Tuesday, November 6th, 2007

I never cared for poetry.

Filed under: housing bubble,melancholy — alison @ 07:56

I have always been suspicious of it. Mostly I can’t understand it, and when I can I fear it’s trite.

When I was about fourteen my Granny copied Robert Burns’ To A Mouse, On Turning Her Up In Her Nest With The Plough into a card and sent it to me in Nigeria. I was puzzled but stuck the card up on my closet door. I read it through from time to time but reprimanded myself if I felt touched by any of the sentiments.

Well, it’s been bubbling over in my mind these past few days. Compassion and philosophy and the romantic vision of the ploughboy as alcoholic poet. Language from 222 years ago and a different continent still intelligible, as is the guessing and fearing of the human condition. The nationalism and romanticism of choosing expression in a regional dialect, and the cutesy quaintness it reads with today. But mostly that desolated mouse.

I find myself wishing I had memorised more poetry, that my mind were better stocked with a wider selection. But I’m afraid it would all come back to the mouse.


  1. You are a great prose writer, whatever the affinity for poetry

    Comment by vc — Tuesday, November 6th, 2007 @ 09:57

  2. Your title reminded me of another poetic line, from a fellow Montrealer no less. Hallelujah written by Leonard Cohen, recorded here by John Cale:

    Yes, Granny was pretty well stocked and could recite this and other poems of length deep into her eighties.

    As this letter to the editor of her local paper is handy, and perhaps the last of many she wrote (and really a summary of all the others), I send it along:

    June 6, 2001

    Cortland Standard
    110 Main St.
    Cortland, NY 13045

    To the Editor:

    The human race has three principal responsibilities in the 21st century; our enviroment, human rights, and peace. We neglect any of these with ensuing grave peril to ourselves, our loved ones, and our descendants. Don’t forget.


    Ruth S. Cummins
    21 Tompkins St.
    Cortland, NY 13045

    Comment by Uncle Sean — Tuesday, November 6th, 2007 @ 10:31

  3. Other than large tracts of Dr Suess (which I’ve memorized) I never cared for it either. My ex was the “romantic” type; he detested this about me. He was also -imo- a really lousy poet. The required proper observation (implied solemnity and respect) always seemed to involve long meaningful glances and wistful sighs -entirely lost on me. Snore.

    Except for once. After my brother died, I happened upon “The bustle in a house”. It described how I felt; surreal, beyond grieving, the mechanics of moving on and keeping a life together.

    Comment by Kathleen — Tuesday, November 6th, 2007 @ 16:38

  4. I loved Shakespeare, but didn’t much value poetry (even by Shakespeare). It seemed in every literature course, everyone could do no more than rhyme. The I saw a poster announcing that James Baldwin would be appearing with “the poet” Nikki Giovanni. I was excited to hear Baldwin, but left rocked by Nikki Giovanni. I bought everything she ever wrote. Finally, a few years ago her publisher issued an anthology, and she was touring to promote. She came here, and the audience was, euphemistically speaking, a “better class” than myself. I stood in the back mesmerized, and then purposely was the last person in line for the book signing. I told her that she had dramatically opened the mind of a “knucklehead white boy” and I felt about to explode with admiration. She then shook my hand, and as I left I said, “This is a great day!” I could still hear her laughing as I went out the door.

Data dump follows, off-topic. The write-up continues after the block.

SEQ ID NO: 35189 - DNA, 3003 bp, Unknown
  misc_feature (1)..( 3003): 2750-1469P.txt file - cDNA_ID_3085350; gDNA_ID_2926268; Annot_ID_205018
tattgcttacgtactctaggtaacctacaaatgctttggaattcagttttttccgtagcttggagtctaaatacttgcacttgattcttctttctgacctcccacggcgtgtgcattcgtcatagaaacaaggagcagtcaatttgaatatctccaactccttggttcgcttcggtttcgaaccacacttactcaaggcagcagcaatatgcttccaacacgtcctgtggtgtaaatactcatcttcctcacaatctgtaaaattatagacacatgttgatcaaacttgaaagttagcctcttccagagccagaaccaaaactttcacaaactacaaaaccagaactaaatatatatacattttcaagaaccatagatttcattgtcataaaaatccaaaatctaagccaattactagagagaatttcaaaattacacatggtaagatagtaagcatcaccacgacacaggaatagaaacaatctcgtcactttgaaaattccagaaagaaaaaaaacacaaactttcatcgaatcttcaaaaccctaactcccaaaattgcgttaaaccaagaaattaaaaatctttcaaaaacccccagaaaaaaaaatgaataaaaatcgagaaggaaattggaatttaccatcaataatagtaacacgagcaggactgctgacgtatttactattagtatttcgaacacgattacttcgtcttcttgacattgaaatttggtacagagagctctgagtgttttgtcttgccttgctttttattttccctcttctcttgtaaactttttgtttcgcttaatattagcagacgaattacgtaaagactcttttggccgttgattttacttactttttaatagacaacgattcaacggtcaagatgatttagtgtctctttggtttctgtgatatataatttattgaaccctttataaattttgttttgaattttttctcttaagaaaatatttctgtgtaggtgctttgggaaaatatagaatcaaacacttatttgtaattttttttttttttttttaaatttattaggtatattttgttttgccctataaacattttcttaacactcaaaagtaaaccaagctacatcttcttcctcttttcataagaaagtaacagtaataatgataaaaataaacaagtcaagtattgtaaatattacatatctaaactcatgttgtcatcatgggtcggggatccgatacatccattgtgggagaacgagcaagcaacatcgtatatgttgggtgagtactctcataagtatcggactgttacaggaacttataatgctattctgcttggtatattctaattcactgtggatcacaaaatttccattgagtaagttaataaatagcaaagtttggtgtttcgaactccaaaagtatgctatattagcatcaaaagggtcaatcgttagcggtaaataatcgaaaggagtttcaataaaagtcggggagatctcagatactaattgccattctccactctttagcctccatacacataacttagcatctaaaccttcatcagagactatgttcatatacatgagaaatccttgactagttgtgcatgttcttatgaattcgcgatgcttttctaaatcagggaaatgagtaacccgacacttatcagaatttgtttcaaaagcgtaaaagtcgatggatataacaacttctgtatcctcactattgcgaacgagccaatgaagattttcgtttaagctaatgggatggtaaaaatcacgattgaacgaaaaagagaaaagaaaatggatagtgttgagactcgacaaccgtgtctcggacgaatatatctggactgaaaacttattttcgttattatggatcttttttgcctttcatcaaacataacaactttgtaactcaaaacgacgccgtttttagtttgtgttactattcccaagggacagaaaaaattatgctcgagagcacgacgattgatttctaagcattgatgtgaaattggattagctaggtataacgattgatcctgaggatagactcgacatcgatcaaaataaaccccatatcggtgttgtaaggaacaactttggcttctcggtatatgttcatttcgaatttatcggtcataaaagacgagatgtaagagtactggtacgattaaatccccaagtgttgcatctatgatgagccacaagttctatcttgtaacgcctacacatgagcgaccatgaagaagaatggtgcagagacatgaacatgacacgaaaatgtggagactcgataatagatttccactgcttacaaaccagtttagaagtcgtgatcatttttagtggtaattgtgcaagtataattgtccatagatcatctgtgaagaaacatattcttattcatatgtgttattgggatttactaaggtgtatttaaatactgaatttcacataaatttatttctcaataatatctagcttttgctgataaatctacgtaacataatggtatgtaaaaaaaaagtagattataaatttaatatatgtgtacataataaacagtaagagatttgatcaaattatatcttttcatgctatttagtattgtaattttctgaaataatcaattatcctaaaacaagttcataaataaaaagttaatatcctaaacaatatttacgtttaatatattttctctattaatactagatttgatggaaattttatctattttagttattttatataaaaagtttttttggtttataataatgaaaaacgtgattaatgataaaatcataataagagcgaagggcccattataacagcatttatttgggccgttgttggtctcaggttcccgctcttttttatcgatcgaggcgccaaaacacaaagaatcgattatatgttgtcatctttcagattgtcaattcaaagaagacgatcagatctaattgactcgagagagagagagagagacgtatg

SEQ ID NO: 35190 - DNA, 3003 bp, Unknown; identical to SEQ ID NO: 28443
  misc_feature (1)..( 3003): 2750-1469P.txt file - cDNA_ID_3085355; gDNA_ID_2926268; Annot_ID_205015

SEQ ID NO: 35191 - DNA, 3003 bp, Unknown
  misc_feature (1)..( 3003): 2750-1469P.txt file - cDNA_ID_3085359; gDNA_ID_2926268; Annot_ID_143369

Comment by foofoo5 — Friday, November 9th, 2007 @ 16:59

  5. VC – Thank you. That means something to me, because you would know.

    Uncle Sean – Interestingly, I care for music but don’t worry about whether it might be trite. I’m happy to know whether I like it or not, and that’s enough. With poetry or literature I have to be sure that I like it for the right reasons.

    Kathleen – Yes, Emily Dickinson (a favourite of my Granny’s) is a poet who grows on one. She was presented to us in high school as an antisocial woman obsessed with death and fame, and then we would be given poems about death and fame to dissect. At fifteen my concerns were life and survival and Miss Dickinson’s obsessions were an unwelcome intrusion into my studies. In my forties, living a life more tightly circumscribed than I had expected, with loss a more immediate part of my experience, Emily Dickinson seems like a very sensible woman.

    I’m very sorry about your brother.

    foofoo5 – I always felt that I would appreciate Nikki Giovanni more if I were a better person. As it was I always got stuck on her homophobia.

    Not sure what you mean by an audience being ‘euphemistically speaking, a “better class”‘? Class and poetry have a complex relationship.

    Audre Lorde switched from poetry to prose when she realised that her poetry had made her a star of women’s studies, most students being white. She switched to prose to reach black women, writing Zami specifically to be accessible to black women without a university education.

    On the other hand, poetry as a form is more accessible to writers who do not have time and space to devote to the reading and writing of, say, novels.

    Comment by alison — Wednesday, November 21st, 2007 @ 15:39

  6. “But I’m afraid it would all come back to the mouse.”
    THAT’S poetry, baby. xo

    Comment by ina — Monday, January 28th, 2008 @ 10:09

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